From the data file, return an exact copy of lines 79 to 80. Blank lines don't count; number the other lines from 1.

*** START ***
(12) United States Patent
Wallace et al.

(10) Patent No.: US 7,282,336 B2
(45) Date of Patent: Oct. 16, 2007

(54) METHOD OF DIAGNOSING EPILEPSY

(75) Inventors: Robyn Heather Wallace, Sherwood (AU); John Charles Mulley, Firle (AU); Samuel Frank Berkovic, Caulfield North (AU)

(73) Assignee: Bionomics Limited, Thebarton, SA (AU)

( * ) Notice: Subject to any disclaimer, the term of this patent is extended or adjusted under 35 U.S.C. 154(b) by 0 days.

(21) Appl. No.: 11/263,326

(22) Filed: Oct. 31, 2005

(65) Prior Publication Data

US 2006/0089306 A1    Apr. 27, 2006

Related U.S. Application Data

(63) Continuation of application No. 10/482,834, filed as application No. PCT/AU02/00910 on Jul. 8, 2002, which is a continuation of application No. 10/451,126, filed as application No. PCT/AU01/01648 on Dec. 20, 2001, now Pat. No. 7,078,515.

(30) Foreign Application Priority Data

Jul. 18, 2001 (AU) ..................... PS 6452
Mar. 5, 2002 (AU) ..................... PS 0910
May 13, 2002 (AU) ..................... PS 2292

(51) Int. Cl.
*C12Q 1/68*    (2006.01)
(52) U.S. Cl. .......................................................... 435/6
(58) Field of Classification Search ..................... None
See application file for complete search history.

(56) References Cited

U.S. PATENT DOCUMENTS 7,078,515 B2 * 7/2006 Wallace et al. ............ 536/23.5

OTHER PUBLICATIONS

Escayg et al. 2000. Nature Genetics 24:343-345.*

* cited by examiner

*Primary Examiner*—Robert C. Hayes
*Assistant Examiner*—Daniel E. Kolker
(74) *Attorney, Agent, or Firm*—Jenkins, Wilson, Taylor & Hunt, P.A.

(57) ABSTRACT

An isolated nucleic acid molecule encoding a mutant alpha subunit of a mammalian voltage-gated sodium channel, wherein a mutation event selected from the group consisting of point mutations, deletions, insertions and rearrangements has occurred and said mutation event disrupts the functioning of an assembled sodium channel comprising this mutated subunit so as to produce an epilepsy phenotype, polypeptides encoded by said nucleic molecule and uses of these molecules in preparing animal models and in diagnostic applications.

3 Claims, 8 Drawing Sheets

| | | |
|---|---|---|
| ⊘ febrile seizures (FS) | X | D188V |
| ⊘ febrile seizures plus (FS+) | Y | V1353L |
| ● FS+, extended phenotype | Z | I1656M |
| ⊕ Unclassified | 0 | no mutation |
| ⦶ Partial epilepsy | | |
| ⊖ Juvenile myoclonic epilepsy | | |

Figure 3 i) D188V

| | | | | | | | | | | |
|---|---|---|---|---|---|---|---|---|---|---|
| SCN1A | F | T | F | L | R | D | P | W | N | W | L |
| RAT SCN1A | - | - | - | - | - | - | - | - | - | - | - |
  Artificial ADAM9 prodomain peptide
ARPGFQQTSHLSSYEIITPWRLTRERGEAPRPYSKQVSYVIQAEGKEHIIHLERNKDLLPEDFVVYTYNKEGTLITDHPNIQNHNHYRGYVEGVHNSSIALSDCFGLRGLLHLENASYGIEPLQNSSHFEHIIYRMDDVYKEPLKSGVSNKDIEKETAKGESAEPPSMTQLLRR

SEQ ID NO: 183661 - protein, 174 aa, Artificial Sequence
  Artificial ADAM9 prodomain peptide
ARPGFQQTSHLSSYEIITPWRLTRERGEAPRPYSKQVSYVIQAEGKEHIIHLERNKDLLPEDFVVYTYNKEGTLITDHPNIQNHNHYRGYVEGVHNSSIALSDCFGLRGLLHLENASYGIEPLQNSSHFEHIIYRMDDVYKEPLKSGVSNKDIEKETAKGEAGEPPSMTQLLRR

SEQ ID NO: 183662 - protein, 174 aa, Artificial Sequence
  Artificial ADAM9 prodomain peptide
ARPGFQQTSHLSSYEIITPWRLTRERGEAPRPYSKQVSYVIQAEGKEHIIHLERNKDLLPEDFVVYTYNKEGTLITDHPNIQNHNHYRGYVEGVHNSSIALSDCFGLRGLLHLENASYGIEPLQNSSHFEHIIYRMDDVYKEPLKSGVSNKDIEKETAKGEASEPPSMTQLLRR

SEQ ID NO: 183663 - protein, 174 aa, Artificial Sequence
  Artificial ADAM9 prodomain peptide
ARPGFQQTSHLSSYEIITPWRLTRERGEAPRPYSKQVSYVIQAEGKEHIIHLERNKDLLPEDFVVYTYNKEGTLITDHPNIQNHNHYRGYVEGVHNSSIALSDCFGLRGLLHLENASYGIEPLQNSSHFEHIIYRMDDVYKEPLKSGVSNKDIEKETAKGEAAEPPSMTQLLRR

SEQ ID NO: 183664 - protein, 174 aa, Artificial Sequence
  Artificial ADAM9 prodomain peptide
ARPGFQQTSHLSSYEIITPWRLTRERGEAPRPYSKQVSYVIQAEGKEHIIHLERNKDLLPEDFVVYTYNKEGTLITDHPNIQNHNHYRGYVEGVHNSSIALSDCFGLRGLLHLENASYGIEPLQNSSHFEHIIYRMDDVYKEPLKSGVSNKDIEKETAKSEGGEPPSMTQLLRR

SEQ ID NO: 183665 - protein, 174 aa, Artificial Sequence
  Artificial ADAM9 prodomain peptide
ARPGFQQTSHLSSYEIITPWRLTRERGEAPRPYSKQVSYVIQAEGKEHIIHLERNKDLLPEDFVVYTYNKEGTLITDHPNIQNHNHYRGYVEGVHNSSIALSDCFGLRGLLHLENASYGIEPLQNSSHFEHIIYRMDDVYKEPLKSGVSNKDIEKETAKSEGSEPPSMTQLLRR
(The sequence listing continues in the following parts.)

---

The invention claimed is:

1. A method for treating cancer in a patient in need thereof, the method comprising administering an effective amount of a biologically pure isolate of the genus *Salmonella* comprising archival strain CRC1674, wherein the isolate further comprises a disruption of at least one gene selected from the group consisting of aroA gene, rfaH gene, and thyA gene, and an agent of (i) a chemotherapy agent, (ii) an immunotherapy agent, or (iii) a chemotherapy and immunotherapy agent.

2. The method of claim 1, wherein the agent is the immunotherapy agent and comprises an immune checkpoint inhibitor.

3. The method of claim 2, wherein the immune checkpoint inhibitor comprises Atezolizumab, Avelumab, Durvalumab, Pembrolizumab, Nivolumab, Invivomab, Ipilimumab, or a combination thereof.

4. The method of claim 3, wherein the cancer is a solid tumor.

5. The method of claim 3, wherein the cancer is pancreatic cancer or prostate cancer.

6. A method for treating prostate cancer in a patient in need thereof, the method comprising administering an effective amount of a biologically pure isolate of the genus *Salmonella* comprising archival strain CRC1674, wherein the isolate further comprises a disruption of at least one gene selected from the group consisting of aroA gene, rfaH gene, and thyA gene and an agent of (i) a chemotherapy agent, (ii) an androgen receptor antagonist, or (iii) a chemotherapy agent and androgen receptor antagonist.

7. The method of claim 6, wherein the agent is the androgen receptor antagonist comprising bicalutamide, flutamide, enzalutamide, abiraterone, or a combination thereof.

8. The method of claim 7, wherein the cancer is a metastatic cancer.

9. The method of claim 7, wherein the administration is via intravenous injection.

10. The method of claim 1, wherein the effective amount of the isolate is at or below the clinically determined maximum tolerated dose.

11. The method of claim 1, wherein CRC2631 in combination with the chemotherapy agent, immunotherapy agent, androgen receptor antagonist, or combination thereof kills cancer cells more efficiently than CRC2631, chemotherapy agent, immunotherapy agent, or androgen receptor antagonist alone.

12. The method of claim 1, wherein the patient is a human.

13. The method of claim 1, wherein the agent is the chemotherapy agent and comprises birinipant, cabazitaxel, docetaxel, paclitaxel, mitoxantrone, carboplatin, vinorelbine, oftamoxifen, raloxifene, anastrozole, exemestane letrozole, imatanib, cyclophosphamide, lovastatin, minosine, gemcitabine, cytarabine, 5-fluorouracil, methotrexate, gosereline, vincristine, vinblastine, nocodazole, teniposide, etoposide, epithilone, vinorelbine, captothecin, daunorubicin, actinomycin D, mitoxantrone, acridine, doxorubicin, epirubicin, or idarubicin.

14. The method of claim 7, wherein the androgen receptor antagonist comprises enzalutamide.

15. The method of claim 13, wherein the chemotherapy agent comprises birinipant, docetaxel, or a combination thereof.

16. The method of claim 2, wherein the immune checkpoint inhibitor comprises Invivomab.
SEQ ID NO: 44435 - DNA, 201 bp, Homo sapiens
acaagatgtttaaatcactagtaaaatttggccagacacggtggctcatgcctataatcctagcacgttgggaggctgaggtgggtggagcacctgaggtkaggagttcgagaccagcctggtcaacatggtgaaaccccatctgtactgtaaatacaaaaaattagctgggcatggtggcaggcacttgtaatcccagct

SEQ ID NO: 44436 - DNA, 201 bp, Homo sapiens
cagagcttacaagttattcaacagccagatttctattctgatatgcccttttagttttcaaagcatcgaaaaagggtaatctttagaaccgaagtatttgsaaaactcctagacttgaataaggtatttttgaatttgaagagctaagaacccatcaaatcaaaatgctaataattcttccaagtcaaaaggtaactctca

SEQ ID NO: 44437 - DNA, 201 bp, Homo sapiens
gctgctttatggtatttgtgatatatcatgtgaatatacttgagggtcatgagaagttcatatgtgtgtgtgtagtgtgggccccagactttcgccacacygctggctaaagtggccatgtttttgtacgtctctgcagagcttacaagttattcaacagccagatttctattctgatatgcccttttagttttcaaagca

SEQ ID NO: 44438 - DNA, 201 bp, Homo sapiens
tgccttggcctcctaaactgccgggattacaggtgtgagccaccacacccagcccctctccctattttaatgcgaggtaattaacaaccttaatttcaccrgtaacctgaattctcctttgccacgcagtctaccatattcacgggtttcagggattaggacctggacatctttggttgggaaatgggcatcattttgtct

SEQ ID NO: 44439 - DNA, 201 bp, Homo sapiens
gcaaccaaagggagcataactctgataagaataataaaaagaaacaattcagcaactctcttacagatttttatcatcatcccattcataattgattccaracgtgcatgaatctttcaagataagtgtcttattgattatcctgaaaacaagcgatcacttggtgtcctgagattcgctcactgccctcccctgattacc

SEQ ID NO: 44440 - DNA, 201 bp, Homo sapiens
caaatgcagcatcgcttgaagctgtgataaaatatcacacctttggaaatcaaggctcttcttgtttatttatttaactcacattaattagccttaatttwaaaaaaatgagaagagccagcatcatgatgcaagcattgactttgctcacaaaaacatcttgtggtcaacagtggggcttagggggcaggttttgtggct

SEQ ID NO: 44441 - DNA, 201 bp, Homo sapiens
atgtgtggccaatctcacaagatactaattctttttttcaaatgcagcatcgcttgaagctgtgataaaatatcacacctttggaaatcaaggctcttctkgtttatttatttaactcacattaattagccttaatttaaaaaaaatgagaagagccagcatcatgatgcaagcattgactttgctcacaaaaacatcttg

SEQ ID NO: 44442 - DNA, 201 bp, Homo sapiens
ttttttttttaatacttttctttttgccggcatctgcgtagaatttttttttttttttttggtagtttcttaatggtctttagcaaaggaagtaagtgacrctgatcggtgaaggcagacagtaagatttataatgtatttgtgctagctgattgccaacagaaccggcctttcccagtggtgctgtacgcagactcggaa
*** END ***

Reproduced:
12. The method of claim 1, wherein the patient is a human.

13. The method of claim 1, wherein the agent is the chemotherapy agent and comprises birinipant, cabazitaxel, docetaxel, paclitaxel, mitoxantrone, carboplatin, vinorelbine, oftamoxifen, raloxifene, anastrozole, exemestane letrozole, imatanib, cyclophosphamide, lovastatin, minosine, gemcitabine, cytarabine, 5-fluorouracil, methotrexate, gosereline, vincristine, vinblastine, nocodazole, teniposide, etoposide, epithilone, vinorelbine, captothecin, daunorubicin, actinomycin D, mitoxantrone, acridine, doxorubicin, epirubicin, or idarubicin.